Qatar Airways should receive the first of its A350 extra-wide bodied aircraft on Dec. 22 – slightly more than a week after the initial handover date was scrapped at the last minute without public explanation.
A delivery ceremony and preview flight at Airbus headquarters in Toulouse, France have now been fixed for the new date, the manufacturer told Reuters newswire yesterday.
Qatar Airways is due to be the global launch customer for the A350XWB jet and had planned a ceremonial transfer in Toulouse for today (Dec. 13). The plane was then due to fly to Qatar, with events scheduled at Hamad International Airport in Doha on Monday.
However, it issued a statement on Wednesday announcing that the event had been postponed without providing a reason or new date for the handover.
Some speculated that it had been a move by Qatar Airways to secure a better deal. The airline has a total of 80 of the aircraft on order, including 43 of the -900 model and a further 37 of the larger -1000 type. The latter model is not due to enter service until 2017.
The head of Airbus’s program for the jet told Reuters that the manufacturer was running more flights on the aircraft for “very minor issues”, admitting that its initial schedule of transfer may have been ambitious.
“We planned 10 days for the delivery process. It was perhaps a little bit optimistic knowing it was the very first aircraft,” Reuters reports Didier Evrard, head of the A350 program as saying to investors.
Qatar Airways was not immediately available for comment on the new transfer date.
However, during an unrelated press event in Doha on Thursday, Qatar Airways CEO Akbar Al Baker suggested the A350 would make its maiden commercial flight between Doha and Frankfurt as scheduled next month:
“Yes, we have a small issue that we are trying to solve with Airbus. This issue should be resolved very soon and then we will be taking the delivery of our airplanes imminently.
The Airbus A350 will be the backbone of Qatar Airways’ fleet … (and) the aircraft is already scheduled to do the first commercial flight on Jan. 15,” he said.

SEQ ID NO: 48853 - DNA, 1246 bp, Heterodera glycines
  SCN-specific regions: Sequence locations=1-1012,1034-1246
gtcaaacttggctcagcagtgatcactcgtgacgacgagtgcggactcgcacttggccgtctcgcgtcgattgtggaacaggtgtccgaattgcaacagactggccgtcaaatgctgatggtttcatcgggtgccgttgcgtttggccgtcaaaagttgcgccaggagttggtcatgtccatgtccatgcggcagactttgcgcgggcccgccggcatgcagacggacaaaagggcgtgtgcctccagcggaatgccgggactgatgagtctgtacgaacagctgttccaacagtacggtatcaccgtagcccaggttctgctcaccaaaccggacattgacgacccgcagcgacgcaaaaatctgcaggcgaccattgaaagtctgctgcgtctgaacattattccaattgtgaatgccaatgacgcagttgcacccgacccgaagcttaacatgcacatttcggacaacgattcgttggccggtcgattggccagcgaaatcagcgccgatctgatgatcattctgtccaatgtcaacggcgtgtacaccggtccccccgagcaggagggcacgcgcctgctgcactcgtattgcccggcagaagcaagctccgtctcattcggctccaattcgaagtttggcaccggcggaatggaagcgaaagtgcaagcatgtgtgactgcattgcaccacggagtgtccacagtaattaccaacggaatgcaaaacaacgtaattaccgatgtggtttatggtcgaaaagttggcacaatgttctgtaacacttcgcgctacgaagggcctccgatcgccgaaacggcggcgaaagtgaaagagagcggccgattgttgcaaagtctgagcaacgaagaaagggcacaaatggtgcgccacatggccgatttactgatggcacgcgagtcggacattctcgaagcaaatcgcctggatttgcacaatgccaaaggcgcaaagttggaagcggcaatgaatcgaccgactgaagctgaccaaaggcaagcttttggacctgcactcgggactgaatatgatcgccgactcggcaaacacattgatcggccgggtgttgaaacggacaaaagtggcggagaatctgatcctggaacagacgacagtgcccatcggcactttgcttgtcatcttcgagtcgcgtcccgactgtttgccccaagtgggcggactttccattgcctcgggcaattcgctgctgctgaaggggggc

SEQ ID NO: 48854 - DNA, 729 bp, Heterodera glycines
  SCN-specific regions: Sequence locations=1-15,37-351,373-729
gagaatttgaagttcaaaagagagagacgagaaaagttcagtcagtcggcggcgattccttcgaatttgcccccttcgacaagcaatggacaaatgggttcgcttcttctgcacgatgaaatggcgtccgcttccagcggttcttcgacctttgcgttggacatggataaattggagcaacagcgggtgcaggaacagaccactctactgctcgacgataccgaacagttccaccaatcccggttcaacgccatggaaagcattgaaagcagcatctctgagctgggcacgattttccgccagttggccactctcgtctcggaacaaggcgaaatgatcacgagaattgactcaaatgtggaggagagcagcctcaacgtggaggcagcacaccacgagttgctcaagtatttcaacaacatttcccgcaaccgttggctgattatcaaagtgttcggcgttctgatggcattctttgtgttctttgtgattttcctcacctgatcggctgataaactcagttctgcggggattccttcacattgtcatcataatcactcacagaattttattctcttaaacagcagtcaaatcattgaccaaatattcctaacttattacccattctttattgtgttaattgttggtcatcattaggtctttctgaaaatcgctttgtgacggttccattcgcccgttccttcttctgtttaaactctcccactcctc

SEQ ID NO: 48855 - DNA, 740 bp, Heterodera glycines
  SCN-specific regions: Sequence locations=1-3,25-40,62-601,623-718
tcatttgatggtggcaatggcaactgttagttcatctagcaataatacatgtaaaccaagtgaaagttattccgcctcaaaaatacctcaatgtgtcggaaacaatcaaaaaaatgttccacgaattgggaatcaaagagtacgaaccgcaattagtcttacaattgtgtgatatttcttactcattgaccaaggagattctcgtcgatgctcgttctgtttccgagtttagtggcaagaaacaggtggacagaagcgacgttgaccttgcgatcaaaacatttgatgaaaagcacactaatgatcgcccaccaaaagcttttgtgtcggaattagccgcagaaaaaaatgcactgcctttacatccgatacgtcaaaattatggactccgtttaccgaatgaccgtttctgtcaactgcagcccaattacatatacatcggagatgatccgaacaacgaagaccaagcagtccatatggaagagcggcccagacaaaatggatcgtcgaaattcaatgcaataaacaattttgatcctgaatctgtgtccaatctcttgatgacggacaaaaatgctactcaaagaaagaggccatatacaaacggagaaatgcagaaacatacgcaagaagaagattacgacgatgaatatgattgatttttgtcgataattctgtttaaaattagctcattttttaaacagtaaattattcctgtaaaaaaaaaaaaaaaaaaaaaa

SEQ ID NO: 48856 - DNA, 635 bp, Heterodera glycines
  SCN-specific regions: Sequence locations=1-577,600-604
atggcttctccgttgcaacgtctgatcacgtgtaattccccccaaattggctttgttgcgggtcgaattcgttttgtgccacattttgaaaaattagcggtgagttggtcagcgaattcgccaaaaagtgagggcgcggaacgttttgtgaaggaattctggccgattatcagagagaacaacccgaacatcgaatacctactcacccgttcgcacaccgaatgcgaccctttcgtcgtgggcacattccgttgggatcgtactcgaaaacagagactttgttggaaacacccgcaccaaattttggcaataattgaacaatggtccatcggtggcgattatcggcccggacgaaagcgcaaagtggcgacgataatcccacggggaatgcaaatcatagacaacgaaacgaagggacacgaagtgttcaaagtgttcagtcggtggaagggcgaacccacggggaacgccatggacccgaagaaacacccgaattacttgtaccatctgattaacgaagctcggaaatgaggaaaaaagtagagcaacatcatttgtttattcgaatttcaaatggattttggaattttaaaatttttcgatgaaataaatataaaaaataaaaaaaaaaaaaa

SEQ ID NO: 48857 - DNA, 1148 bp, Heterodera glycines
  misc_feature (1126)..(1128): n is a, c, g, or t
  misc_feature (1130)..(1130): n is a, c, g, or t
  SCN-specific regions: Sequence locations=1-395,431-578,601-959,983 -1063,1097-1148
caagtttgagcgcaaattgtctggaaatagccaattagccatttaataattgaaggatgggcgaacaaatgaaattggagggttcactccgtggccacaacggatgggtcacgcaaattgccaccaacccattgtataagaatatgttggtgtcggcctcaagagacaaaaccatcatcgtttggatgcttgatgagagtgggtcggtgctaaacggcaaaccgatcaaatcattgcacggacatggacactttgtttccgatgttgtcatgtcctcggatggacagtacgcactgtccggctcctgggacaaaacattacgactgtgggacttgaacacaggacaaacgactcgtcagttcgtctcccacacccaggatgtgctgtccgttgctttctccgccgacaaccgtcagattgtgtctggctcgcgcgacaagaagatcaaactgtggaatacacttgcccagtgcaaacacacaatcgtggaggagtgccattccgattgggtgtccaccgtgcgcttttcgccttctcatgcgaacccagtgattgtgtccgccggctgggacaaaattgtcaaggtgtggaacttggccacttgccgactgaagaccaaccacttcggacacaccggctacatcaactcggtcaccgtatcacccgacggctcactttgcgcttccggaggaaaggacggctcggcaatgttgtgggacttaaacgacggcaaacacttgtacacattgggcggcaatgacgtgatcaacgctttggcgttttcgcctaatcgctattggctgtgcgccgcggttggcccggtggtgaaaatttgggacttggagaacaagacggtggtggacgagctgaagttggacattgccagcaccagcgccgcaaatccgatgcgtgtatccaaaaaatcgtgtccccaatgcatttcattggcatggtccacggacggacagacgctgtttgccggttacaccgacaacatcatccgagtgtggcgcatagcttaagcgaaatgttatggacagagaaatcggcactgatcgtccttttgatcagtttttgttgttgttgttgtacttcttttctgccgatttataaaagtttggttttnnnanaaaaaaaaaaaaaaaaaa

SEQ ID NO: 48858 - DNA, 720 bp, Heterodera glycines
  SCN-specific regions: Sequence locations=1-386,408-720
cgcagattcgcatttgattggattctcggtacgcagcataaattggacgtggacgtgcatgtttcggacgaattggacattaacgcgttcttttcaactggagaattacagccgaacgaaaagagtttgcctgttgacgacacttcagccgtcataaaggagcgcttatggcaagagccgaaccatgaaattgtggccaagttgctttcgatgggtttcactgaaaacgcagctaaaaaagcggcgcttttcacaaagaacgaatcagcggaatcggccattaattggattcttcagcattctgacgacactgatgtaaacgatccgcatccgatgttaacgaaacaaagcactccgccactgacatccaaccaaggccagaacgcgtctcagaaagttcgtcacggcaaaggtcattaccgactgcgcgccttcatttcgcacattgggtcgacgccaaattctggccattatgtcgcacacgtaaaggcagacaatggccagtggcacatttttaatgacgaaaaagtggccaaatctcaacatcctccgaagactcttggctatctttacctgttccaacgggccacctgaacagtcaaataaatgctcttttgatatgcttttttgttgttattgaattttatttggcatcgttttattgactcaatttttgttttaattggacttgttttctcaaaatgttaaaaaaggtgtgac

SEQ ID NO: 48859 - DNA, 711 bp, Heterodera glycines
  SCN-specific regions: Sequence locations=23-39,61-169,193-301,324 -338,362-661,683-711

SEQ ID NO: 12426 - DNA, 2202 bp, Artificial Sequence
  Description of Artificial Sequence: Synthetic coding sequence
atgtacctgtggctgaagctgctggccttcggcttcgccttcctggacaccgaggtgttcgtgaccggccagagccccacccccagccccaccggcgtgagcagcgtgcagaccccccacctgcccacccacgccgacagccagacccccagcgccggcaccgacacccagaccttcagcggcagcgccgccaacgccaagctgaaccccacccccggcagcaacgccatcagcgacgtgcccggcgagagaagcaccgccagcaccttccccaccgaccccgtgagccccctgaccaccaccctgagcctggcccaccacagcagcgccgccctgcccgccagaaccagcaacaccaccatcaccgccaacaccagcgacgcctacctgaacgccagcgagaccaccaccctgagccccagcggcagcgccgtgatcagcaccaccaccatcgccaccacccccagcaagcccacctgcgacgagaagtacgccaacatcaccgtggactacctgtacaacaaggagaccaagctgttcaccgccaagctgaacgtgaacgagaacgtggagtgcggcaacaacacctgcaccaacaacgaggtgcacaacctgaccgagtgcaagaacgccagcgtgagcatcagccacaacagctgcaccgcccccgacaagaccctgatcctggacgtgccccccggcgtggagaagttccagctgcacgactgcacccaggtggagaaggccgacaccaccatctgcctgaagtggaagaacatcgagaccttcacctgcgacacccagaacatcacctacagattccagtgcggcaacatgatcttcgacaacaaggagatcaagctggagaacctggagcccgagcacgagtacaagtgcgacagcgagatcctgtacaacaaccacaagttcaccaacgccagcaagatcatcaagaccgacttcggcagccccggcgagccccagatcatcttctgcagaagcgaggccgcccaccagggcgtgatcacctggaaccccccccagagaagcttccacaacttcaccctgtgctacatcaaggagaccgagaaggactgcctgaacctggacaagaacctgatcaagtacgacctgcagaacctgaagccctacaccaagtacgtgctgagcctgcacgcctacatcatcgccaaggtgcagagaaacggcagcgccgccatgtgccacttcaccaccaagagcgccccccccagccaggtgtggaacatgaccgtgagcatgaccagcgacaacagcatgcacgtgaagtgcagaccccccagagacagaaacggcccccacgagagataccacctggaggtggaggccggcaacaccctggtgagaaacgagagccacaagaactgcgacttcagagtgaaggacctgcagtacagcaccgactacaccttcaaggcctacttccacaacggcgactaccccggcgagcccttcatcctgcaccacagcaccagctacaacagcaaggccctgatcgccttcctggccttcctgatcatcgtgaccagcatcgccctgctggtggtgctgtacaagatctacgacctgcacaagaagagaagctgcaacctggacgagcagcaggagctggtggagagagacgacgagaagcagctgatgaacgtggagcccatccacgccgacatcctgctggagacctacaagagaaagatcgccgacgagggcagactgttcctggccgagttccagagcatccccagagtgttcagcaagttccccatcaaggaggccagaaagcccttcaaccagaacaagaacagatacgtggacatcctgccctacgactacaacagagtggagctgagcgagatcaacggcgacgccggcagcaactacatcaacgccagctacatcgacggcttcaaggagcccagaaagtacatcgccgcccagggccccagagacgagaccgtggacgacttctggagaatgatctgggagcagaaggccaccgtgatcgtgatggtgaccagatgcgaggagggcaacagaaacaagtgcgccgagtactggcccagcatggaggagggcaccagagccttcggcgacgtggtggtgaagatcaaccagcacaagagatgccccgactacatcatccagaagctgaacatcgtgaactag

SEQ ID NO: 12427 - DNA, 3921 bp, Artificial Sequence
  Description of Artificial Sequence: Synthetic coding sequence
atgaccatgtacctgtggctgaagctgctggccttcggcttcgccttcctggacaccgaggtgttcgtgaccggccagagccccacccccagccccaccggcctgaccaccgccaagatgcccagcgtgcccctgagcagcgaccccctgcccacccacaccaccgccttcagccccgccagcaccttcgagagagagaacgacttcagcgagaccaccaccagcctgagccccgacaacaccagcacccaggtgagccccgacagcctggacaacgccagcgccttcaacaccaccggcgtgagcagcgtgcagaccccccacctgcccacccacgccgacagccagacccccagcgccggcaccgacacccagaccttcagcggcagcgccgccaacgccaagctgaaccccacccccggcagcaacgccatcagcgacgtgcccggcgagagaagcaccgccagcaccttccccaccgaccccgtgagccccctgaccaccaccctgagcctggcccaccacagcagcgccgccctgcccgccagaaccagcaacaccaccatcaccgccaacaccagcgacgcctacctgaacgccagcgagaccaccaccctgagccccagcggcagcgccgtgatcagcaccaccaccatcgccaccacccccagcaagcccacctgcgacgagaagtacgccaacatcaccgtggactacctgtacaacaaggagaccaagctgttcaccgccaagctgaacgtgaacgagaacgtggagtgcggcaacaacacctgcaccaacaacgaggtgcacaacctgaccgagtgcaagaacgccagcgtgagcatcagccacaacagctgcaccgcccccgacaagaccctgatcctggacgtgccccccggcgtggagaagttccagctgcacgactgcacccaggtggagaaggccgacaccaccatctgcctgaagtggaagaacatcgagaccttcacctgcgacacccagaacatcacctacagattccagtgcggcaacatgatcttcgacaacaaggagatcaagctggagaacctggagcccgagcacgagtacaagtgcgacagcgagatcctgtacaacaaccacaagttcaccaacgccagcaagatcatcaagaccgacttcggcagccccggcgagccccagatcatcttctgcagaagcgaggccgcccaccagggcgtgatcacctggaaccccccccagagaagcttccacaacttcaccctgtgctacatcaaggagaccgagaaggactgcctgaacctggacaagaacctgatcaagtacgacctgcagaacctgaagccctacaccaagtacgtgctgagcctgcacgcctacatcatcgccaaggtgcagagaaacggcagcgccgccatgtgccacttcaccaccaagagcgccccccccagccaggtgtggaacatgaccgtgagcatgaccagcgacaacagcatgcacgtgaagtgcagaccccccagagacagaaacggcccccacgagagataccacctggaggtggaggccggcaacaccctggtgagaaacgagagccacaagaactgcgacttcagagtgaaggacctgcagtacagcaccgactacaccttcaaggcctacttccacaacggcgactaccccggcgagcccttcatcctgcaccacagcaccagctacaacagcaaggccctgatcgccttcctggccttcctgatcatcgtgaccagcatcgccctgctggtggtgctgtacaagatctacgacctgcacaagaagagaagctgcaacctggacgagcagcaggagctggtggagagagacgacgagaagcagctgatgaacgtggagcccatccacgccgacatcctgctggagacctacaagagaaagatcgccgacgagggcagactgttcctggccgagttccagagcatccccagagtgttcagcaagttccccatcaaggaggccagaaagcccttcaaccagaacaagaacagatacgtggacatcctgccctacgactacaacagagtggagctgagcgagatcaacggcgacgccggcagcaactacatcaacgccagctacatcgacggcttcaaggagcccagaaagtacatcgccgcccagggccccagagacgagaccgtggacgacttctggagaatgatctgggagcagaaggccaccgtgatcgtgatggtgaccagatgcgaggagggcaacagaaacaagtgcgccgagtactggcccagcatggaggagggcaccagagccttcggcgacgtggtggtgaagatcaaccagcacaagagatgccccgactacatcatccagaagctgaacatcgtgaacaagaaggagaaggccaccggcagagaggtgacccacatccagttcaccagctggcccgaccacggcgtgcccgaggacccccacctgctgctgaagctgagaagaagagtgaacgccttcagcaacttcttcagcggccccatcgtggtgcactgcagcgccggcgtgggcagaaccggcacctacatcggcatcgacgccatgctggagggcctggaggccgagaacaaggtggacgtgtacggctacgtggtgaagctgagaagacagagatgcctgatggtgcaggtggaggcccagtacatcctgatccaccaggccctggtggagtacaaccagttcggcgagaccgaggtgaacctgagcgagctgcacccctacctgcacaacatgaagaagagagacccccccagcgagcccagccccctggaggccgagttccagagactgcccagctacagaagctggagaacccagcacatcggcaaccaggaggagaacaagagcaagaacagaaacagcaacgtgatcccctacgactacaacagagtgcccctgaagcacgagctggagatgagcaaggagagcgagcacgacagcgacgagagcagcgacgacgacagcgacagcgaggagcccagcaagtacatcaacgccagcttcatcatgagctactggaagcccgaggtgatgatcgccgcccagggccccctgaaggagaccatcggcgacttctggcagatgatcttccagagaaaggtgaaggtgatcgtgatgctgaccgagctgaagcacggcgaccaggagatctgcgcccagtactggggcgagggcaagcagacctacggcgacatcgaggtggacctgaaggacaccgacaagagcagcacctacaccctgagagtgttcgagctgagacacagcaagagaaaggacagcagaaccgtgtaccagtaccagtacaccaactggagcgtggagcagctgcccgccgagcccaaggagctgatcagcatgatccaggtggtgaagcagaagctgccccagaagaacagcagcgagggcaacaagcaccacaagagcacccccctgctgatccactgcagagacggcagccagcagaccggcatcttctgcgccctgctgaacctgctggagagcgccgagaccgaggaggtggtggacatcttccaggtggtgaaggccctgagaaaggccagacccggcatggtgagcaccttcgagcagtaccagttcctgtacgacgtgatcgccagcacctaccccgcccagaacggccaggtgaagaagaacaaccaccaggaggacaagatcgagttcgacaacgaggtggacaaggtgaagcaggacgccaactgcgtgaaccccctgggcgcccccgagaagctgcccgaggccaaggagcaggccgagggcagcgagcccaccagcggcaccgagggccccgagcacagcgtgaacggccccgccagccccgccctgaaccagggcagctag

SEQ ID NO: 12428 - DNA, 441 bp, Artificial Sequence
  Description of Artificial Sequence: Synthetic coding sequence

Al Baker previously told reporters that after the first A350 delivery, the airline expects to receive nine of the carbon-fiber aircraft by next year, followed by one a month in 2016 and two each month in 2017.
Each A350-900 is estimated to cost around $277.7 million.
Meanwhile, the Prime Minister and Minister of the Interior, Sheikh Abdullah bin Nasser bin Khalifa Al-Thani, approved the launch of the second phase of expansion at Hamad International Airport during a meeting with Cabinet members at the Emiri Diwan on Thursday.
The fourth quarter of 2015 was set as the deadline for awarding the design contract, completing the design works and deciding the budget of the second phase, Qatar News Agency reports.
In October this year, Al Baker told Doha News that architects were finalizing design plans for an expansion of the recently opened airport passenger terminal, and that he expected British architect Sir Norman Foster to wrap up his work “over the next few months.”
Once the design is set, construction firms would be invited to bid on the extension project, which should be completed within the next three years, Al Baker added.
The final phase of the airport would effectively increase the size of the passenger terminal by 50 percent, according to details released by the airport earlier this year.
The expansion project also includes plans to add 24 new airplane gates directly attached to the terminal, bringing the total to 65. That’s in addition to the 22 existing “remote gates” on the tarmac that require buses to bring passengers to the terminal.
The expansion would effectively increase the airport’s capacity by two-thirds, to 50 million travelers annually.